I’ve embarked on a small project: to add to my blogroll a new category of links to film screening venues like cinematheques, museums, repertory theaters, and the like. My objective is not to provide a service that informs viewers of screening times and details. Instead, I want it to be an educational and film-critical resource that collects links to program notes and capsules written to accompany screenings and retrospectives.
A few months ago I wrote a post on program notes, an ephemeral and often overlooked outlet of information and writing in film culture. Perhaps an online resource that focuses on program notes might contribute to making such writing more visible and useful for cinephiles at large.
Here are some websites I’ve gathered so far. Any other suggestions would be greatly appreciated. For the moment, I’m collecting links only to English-language sites, but I hope to make the resource global in time.
— TIFF Cinematheque, Toronto
— Harvard Film Archive, Boston
— Film Society of Lincoln Center, New York
— Brooklyn Academy of Music, New York
— Pacific Film Archive, Berkeley
— George Eastman House, Rochester
— Cinema Texas Notes, Austin
— MoMA, New York
— BFI, London
— Melbourne Cinematheque, Melbourne
— Anthology Film Archives, New York
— Block Museum, Chicago
— Facets Cinematheque, Chicago
— Film Forum, New York
— IFC Center, New York
— Museum of the Moving Image, New York
A complaint: is it just my imagination or is the TIFF Cinematheque website poorly designed? For example, from their homepage, I can’t seem to get to the individual pages for the various series showing this season. There are icons for each series, but they’re not clickable. And the only way to get to the series pages (which often contain good essays) is circuitously through pages for individual films.
Since I live in New York state, my starting list above is mostly NY-centric. But I’d love to learn of other screening venues with strong web content. And any comments on the user-friendliness and navigability of the websites would also be appreciated. Thank you!
— Jim Emerson’s post on all the recent “death of movie culture” talk.
— I urge you to sign Jon Jost’s petition against Ray Carney on behalf of Mark Rappaport.
— Adrian Martin’s new book “Last Day Every Day: Figural Thinking from Auerbach and Kracauer to Agamben and Brenez” (from Punctum Books) is now available for free download and for purchase.
— The World Picture conference is in Brighton, UK, this weekend. See this page for program details. Scholars making presentations include Catherine Grant, Rosalind Galt, John David Rhodes, Elena Gorfinkel, Mark Betz, Karl Schoonover, and others. Related: a conversation between Rhodes and Schoonover on “rethinking Michelangelo Antonioni’s modernism” at the University of Minnesota Press blog. Also: the new Global Queer Cinema website is led by an editorial collective made up of Galt, Schoonover and Grant.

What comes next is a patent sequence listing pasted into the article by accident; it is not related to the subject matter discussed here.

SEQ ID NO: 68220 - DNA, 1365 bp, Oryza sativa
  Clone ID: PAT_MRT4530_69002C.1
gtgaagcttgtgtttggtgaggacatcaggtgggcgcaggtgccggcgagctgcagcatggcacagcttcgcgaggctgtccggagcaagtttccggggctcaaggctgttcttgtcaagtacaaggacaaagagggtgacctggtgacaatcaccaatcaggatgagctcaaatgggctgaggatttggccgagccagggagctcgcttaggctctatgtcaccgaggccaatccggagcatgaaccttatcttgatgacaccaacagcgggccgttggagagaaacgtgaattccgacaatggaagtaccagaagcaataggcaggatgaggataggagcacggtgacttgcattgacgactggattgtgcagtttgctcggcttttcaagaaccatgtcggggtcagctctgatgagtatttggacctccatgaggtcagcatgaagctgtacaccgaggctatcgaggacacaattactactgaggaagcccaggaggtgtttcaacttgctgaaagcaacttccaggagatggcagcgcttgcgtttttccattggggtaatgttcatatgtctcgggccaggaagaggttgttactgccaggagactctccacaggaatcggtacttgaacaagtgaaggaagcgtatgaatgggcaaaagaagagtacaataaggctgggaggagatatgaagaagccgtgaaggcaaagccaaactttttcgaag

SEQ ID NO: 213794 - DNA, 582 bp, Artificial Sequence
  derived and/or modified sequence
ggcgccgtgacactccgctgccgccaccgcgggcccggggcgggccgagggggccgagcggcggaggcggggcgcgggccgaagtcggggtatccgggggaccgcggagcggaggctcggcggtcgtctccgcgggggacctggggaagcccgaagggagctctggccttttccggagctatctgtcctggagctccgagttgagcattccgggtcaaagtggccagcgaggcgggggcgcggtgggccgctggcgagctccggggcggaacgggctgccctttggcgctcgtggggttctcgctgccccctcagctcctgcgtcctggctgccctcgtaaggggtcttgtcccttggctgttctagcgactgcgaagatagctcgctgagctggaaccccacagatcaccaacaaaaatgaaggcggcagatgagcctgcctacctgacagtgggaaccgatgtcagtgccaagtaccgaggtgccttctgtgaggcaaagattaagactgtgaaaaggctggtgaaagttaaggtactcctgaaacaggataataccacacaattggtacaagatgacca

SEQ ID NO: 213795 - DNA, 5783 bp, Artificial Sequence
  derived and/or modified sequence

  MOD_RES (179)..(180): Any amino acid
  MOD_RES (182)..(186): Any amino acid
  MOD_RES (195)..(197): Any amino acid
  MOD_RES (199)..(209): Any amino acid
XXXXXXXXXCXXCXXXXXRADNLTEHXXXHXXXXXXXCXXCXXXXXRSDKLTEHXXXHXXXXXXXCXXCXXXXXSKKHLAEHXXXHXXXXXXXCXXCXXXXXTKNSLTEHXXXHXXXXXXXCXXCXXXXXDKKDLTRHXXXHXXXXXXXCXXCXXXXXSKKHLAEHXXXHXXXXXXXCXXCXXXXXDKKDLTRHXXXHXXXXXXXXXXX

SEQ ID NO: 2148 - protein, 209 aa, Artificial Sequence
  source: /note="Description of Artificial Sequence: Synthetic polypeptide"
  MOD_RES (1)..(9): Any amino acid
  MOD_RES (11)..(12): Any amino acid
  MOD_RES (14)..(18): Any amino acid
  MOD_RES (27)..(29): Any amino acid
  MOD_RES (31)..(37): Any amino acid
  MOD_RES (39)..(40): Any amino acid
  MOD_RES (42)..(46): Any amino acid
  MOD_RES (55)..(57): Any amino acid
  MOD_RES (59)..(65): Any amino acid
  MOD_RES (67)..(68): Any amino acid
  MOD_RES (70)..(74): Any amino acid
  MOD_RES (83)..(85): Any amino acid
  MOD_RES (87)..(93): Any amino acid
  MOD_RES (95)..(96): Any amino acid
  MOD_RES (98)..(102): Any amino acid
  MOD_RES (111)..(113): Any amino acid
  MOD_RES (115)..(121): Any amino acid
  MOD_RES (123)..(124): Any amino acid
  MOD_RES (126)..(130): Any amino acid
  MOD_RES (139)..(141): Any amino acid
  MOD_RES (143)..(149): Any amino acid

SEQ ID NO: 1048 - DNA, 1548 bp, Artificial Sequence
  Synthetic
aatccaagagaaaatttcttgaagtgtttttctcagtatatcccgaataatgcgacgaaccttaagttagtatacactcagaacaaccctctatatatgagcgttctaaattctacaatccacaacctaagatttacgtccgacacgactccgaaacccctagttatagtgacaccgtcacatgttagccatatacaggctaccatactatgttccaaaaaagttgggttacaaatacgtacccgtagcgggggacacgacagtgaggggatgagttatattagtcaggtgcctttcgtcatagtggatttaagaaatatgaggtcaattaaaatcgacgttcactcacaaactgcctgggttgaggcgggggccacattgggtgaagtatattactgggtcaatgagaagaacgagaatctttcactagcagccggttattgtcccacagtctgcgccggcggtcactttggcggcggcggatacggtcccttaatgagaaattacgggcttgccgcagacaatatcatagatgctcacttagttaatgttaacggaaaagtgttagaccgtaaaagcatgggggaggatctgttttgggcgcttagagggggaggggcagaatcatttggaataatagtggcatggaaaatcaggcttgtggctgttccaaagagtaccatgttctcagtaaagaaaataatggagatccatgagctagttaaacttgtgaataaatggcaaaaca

— A review of Cloud Atlas by Michael Sicinski at Cinema Scope.
— Ignatiy Vishnevetsky has a piece on Terence Davies’ The Deep Blue Sea.
— University of Edinburgh film scholar Pasquale Iannone on the writings of Italian film critic Aldo Tassone, “a constant source of inspiration and insight”.
— Recently discovered website: scholar Kevin L. Ferguson’s Typecast. The most recent post features Dario Argento on giallo.
— Jonathan Rosenbaum has a page at CriticWire where you can find his ratings of several films.
— Zach Campbell puts up an appreciation of Brian De Palma’s Redacted.
— Ehsan Khoshbakht on the links between Brakhage’s films and Iran’s classical arts.
— A formidable list of the best films of the ’70s by Olivier Père.
— The new issue of Interiors focuses on the use of architecture and space in Psycho.
— A Chris Marker obituary essay by Finn Brunton at the UK journal Radical Philosophy. (via Catherine Grant)
— Rick Poynor at Design Observer on David Byrne’s True Stories.
— At Film Quarterly, Mark Sinker and Rob White discuss Chris Marker’s A Grin Without a Cat (1976, 1993).
— “Jean Epstein’s Documentary Cinephilia”: an essay by Sarah Keller in the new issue of Studies in French Cinema. (via Neil McGlone)
— Jonathan Rosenbaum on Howard Hawks: “The main impression I had of him was that he was what my older brother in Alabama would have called a good ol’ boy — the sort of cocky, amiable jock who hung around locker rooms and spent his time recounting anecdotes of one-upmanship in which he was always right and everyone else was always wrong. The threads of desperation laced through such a pose are of course endemic to such a personality. [Todd] McCarthy reports in his introduction that Hawks “felt so insecure as a director on his first few pictures that he regularly had to pull his car over on his way to work in order to vomit.” Yet if it weren’t for such desperation, I doubt he’d be remembered as the great director he was: it’s the darker, more nihilistic side of his cockiness — his perception of the void — that gives his best work its metaphysical weight. (Is there any filmmaker who conveys a sharper sense of naked fear?)”
pic: Werner Schroeter. Click here and scroll down to read James Quandt’s essay on his films.